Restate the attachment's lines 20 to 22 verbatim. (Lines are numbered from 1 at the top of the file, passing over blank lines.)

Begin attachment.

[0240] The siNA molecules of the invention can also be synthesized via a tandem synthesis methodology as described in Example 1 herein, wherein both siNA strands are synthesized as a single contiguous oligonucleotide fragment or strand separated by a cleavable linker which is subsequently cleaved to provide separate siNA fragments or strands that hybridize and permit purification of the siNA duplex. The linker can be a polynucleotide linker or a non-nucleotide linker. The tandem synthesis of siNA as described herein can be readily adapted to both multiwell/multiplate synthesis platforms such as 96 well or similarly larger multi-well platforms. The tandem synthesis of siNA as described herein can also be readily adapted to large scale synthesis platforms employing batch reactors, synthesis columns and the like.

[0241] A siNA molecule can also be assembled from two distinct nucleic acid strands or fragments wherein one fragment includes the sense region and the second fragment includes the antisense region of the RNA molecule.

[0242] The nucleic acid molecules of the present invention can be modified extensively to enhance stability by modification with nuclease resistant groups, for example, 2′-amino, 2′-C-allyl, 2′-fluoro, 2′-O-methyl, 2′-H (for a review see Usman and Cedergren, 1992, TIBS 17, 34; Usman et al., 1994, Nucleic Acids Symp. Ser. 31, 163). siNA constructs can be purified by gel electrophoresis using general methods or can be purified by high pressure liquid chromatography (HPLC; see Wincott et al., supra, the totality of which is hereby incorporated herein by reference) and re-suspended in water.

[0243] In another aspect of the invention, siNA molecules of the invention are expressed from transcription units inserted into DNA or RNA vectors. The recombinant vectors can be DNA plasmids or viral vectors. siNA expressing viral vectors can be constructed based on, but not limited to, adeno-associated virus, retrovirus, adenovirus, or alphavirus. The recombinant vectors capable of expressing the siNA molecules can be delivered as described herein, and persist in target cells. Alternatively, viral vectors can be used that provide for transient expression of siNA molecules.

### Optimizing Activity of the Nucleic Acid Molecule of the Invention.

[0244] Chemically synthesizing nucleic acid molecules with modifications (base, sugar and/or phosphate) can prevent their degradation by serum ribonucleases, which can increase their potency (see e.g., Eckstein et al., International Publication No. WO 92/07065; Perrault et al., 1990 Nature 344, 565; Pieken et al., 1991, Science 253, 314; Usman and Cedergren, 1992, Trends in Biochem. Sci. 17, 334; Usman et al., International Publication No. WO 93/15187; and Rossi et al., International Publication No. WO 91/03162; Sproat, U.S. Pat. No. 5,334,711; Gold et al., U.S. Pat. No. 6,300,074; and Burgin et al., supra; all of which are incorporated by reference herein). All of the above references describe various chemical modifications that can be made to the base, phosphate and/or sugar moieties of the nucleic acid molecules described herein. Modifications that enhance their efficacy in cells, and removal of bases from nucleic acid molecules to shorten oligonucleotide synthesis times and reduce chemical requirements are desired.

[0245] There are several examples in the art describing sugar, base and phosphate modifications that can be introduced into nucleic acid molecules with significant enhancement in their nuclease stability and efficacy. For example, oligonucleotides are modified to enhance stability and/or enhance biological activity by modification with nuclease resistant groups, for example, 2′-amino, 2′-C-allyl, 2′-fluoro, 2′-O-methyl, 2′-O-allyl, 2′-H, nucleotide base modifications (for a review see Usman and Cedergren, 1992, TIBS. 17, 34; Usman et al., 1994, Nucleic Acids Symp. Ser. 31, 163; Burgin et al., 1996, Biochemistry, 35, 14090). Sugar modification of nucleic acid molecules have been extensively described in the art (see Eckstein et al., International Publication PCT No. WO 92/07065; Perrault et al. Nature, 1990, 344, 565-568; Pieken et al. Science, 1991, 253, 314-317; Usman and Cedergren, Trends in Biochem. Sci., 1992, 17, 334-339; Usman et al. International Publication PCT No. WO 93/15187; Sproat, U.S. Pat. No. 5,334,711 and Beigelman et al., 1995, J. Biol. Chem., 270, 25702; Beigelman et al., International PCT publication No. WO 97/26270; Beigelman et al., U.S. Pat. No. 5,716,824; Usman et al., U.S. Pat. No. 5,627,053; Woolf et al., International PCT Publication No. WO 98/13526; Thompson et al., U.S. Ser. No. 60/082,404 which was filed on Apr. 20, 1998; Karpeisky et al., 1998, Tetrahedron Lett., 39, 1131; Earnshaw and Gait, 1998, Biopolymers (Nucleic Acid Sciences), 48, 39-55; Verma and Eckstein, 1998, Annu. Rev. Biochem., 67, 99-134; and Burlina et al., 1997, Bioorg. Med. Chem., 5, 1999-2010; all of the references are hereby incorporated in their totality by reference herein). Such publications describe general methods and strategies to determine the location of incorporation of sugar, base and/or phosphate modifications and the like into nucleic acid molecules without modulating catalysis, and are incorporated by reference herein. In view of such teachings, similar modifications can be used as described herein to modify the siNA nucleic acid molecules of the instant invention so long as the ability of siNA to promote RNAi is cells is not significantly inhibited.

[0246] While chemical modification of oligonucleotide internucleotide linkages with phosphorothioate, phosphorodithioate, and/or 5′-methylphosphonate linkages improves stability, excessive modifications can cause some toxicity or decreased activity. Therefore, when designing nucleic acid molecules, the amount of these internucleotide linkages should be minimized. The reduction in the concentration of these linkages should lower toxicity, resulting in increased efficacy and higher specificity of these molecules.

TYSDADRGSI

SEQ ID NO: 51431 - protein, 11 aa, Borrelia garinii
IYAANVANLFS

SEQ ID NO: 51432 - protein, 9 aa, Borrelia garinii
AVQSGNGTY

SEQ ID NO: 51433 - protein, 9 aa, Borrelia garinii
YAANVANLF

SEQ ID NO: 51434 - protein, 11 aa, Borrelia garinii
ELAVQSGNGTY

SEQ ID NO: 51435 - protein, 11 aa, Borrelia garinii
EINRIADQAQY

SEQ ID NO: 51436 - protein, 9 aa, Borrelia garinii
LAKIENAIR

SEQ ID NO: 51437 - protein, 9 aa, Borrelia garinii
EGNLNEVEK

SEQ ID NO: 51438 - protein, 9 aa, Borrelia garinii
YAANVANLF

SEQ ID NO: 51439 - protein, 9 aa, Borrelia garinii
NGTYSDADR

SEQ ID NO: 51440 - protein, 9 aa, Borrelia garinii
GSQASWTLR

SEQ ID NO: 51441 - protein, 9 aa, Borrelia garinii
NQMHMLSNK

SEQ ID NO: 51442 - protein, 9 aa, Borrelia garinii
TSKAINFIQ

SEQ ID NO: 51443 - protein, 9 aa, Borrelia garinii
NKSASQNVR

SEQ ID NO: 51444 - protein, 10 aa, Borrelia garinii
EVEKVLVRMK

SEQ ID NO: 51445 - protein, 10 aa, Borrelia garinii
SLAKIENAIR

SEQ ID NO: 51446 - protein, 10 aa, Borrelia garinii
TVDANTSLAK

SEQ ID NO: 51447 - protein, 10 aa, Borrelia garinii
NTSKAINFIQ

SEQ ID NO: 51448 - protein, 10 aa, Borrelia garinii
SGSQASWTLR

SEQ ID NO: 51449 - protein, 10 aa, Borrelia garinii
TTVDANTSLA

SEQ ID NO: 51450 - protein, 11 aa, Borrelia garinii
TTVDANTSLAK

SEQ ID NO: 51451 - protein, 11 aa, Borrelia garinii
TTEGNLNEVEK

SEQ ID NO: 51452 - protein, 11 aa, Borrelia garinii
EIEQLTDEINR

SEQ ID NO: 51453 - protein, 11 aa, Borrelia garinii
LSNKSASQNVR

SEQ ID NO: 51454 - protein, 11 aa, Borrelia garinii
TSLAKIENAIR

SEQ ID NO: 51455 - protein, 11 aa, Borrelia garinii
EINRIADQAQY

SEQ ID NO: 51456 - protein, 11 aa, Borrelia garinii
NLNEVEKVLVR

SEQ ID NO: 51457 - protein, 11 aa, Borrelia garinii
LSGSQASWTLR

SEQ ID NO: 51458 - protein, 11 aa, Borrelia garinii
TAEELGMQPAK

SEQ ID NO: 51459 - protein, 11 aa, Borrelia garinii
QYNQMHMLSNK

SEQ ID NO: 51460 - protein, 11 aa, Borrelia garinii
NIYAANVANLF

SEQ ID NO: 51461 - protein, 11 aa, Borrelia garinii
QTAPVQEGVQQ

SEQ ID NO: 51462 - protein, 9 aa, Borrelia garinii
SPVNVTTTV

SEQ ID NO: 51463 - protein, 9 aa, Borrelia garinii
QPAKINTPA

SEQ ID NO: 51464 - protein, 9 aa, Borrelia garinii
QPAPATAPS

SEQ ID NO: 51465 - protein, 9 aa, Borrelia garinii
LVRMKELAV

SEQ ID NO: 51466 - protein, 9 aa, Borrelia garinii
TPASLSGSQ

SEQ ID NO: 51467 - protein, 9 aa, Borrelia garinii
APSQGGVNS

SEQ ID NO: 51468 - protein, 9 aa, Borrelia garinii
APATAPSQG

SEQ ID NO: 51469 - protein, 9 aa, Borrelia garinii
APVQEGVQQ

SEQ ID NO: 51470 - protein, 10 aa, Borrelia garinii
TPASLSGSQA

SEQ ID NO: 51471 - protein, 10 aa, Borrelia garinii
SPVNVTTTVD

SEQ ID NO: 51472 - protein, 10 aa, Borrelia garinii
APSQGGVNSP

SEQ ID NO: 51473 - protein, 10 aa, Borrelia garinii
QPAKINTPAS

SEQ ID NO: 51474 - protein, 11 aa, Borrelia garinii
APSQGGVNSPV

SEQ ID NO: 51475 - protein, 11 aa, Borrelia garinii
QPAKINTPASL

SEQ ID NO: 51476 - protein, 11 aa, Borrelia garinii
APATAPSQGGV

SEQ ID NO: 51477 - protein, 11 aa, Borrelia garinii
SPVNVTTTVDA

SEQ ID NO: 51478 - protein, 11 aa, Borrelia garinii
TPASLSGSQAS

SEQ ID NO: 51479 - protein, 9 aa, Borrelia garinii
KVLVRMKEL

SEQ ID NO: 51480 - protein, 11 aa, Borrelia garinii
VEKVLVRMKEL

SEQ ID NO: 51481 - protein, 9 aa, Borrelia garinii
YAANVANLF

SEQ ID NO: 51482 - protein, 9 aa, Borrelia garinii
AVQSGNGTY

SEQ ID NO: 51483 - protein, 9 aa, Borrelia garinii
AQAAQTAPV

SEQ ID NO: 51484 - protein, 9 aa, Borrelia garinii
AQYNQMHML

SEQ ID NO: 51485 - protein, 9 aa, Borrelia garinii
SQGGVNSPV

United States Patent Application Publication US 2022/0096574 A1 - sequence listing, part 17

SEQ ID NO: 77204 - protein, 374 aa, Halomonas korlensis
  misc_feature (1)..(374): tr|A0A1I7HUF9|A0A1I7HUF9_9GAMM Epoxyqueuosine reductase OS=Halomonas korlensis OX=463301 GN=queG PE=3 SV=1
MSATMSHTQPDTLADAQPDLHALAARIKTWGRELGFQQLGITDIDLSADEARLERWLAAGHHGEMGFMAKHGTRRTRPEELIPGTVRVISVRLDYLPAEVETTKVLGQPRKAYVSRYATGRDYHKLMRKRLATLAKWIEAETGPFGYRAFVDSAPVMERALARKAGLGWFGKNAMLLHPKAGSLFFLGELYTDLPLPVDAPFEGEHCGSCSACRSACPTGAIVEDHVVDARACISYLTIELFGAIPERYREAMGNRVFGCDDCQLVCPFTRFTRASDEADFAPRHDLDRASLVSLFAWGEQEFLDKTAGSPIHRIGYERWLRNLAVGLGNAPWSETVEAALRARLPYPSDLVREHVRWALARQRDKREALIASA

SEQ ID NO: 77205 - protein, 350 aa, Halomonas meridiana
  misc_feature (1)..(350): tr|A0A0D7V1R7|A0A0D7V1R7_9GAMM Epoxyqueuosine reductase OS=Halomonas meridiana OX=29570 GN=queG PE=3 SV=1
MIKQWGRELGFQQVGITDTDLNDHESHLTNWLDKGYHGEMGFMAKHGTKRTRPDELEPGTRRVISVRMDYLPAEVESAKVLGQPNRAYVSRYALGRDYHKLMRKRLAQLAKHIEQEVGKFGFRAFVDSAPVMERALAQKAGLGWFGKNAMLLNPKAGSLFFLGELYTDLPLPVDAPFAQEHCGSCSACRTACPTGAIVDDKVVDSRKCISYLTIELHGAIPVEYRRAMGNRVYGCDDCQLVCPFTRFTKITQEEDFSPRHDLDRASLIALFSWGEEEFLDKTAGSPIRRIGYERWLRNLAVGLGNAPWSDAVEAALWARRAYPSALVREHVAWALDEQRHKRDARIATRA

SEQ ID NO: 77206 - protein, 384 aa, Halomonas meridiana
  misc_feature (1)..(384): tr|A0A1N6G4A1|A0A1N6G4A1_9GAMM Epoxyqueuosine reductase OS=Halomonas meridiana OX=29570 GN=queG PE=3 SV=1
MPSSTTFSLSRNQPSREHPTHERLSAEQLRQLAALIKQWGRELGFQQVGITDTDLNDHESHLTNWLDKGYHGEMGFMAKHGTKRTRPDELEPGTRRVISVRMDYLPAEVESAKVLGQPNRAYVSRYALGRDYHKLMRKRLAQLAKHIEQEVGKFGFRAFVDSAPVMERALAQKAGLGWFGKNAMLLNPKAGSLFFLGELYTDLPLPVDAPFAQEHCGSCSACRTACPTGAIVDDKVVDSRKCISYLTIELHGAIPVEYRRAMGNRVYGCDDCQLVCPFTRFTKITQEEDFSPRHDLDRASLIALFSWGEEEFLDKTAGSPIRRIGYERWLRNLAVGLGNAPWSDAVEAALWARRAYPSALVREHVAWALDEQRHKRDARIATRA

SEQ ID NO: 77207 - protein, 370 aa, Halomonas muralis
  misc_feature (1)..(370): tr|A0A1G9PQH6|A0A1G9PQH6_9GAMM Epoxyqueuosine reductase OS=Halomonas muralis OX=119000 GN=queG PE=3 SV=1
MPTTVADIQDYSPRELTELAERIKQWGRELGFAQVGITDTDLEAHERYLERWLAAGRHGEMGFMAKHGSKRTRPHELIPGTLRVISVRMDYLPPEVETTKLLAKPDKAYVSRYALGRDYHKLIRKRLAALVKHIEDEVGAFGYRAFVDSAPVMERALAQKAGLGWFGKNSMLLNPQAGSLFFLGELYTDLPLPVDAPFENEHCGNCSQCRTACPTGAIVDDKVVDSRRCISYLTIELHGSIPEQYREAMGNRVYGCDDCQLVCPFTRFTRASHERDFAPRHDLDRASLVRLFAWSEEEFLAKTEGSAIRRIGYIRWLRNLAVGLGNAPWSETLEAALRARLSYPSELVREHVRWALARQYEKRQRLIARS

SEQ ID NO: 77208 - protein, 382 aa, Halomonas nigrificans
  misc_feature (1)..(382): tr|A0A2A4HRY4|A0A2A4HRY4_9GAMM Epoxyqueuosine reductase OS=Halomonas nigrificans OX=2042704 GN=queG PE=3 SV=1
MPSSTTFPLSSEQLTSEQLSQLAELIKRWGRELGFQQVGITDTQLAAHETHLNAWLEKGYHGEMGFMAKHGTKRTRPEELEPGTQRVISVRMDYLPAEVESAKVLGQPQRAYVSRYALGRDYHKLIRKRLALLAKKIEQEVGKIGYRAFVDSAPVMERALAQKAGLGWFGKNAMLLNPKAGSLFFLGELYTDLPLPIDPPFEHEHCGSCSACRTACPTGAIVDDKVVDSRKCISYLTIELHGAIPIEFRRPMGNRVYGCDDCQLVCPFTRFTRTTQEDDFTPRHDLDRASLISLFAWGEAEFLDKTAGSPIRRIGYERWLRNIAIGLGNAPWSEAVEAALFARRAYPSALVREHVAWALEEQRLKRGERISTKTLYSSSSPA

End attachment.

SEQ ID NO: 51436 - protein, 9 aa, Borrelia garinii
LAKIENAIR

SEQ ID NO: 51437 - protein, 9 aa, Borrelia garinii